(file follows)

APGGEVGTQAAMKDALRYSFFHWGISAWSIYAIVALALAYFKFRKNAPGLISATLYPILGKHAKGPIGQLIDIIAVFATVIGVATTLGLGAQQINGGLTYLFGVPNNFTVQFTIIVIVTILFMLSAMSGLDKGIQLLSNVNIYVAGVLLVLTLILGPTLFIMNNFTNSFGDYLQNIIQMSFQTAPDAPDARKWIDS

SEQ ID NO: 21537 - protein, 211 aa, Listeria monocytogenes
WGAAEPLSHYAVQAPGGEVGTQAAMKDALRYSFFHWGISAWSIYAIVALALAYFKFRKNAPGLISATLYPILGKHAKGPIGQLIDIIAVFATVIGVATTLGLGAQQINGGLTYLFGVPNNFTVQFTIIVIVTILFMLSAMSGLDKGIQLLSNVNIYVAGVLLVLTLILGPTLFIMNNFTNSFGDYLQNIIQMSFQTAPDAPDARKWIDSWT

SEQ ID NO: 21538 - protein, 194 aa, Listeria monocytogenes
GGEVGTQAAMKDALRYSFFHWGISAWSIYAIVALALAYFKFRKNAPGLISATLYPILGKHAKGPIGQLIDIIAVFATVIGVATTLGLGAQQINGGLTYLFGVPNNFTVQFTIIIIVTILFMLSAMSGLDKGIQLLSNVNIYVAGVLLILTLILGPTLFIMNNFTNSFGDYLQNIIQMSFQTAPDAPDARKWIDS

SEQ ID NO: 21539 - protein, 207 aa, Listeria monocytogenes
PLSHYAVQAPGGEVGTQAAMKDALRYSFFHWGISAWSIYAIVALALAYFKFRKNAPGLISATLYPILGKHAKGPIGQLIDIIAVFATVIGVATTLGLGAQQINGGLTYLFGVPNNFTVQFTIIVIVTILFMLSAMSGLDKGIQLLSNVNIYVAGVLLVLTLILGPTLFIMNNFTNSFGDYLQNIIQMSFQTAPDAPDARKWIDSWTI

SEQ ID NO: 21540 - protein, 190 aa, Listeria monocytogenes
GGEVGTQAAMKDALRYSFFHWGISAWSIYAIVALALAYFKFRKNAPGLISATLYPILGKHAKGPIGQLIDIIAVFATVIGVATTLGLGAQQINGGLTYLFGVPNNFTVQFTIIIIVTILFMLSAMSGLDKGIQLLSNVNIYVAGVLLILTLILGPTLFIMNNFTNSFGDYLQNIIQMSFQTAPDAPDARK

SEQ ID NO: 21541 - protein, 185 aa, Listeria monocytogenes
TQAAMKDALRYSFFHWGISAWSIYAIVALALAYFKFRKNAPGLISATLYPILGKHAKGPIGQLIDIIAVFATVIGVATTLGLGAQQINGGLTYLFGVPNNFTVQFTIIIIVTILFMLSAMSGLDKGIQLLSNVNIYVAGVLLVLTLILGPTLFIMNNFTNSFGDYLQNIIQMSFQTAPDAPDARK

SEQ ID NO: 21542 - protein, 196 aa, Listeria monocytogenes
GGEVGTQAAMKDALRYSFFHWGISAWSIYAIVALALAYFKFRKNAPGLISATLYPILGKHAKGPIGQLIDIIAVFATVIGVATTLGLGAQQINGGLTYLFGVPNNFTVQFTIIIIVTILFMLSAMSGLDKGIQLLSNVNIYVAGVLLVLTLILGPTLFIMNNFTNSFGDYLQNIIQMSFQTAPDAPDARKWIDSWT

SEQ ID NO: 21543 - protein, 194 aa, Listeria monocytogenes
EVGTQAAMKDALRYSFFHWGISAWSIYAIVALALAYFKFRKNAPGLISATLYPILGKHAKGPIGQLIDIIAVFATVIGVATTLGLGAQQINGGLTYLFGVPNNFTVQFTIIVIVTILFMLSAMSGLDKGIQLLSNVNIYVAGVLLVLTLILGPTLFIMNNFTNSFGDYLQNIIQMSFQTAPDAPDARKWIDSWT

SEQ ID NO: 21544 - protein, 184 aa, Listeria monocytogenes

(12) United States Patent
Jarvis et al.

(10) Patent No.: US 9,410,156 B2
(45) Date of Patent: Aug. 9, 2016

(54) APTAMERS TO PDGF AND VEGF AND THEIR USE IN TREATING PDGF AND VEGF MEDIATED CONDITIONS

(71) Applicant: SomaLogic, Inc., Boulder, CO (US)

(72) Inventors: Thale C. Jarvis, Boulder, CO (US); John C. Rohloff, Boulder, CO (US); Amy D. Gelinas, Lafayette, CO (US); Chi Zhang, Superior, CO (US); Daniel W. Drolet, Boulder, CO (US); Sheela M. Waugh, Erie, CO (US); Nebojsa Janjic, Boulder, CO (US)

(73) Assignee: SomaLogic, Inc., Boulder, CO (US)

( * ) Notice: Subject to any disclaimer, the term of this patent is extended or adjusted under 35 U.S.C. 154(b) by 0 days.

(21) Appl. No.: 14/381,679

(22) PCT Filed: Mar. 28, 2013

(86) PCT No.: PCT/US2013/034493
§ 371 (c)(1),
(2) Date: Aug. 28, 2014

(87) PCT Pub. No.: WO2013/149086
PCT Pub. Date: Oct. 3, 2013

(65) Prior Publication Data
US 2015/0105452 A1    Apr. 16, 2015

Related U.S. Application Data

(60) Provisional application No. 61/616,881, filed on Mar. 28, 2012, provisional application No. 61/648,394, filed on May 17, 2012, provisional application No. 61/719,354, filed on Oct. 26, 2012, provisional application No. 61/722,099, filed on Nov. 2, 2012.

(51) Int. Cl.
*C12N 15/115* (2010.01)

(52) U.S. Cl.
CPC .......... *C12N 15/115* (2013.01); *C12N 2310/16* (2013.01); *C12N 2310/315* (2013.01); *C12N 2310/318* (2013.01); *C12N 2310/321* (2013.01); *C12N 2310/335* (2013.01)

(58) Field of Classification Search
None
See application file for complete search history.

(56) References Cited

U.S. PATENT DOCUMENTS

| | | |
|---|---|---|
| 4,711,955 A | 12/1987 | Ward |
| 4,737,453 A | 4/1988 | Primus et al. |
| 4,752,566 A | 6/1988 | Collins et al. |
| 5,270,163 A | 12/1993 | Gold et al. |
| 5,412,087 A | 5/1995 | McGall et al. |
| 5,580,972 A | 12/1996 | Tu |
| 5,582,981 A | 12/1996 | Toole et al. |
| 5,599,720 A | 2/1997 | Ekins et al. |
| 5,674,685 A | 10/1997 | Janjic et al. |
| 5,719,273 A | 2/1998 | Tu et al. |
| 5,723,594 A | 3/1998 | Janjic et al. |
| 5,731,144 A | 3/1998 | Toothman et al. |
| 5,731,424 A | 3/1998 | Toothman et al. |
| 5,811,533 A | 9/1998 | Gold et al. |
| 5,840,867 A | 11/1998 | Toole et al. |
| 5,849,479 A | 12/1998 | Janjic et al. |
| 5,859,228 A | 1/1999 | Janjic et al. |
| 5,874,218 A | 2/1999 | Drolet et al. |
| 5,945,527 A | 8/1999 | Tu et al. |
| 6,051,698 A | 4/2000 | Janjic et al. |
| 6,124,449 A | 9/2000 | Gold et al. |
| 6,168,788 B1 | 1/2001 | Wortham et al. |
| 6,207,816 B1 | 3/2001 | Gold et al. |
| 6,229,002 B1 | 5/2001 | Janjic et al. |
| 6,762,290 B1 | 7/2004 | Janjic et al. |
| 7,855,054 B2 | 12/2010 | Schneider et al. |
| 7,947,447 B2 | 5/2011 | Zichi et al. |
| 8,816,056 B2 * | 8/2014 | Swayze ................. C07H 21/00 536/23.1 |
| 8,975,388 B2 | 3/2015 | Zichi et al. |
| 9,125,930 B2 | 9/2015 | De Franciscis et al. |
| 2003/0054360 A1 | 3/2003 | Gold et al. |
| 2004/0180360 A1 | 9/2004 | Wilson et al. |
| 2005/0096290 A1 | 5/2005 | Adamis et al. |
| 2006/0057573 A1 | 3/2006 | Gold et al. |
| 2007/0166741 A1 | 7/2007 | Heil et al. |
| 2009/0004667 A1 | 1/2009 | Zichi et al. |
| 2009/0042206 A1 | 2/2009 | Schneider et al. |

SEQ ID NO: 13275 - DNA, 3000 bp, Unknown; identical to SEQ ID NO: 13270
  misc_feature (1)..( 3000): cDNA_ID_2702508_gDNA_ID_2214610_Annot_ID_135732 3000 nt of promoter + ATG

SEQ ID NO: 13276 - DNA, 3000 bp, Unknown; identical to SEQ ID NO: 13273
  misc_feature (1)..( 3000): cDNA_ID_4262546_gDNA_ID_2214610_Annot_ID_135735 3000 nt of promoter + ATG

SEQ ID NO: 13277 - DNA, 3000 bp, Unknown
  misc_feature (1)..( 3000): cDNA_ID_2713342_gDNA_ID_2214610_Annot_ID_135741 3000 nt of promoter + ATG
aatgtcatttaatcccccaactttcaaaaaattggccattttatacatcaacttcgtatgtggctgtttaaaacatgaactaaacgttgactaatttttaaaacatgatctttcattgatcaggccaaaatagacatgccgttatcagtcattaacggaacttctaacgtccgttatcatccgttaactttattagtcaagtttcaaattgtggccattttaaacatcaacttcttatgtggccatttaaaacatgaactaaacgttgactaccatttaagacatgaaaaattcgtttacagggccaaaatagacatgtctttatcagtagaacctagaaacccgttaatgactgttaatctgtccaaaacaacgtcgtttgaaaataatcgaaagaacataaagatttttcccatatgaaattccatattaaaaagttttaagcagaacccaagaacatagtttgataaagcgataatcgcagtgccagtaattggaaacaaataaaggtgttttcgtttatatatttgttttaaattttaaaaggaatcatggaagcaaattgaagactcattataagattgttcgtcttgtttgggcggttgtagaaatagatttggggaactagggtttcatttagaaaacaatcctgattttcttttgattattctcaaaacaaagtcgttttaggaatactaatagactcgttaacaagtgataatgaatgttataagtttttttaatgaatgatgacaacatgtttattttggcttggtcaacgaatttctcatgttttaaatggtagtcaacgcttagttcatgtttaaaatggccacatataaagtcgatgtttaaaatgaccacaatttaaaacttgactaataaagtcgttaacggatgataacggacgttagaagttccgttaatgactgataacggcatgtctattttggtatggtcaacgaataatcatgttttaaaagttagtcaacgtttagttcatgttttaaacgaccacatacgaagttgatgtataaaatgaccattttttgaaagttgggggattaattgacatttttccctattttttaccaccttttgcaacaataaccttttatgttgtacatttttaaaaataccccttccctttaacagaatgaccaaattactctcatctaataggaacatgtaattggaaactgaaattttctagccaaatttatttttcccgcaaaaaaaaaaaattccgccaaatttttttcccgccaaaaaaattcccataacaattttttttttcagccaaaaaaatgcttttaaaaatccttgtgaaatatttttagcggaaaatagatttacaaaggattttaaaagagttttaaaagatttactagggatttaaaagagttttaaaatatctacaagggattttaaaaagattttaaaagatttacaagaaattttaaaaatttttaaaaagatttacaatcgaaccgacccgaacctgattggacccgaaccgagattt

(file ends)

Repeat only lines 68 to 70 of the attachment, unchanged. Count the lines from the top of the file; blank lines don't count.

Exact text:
| 6,124,449 A | 9/2000 | Gold et al. |
| 6,168,788 B1 | 1/2001 | Wortham et al. |
| 6,207,816 B1 | 3/2001 | Gold et al. |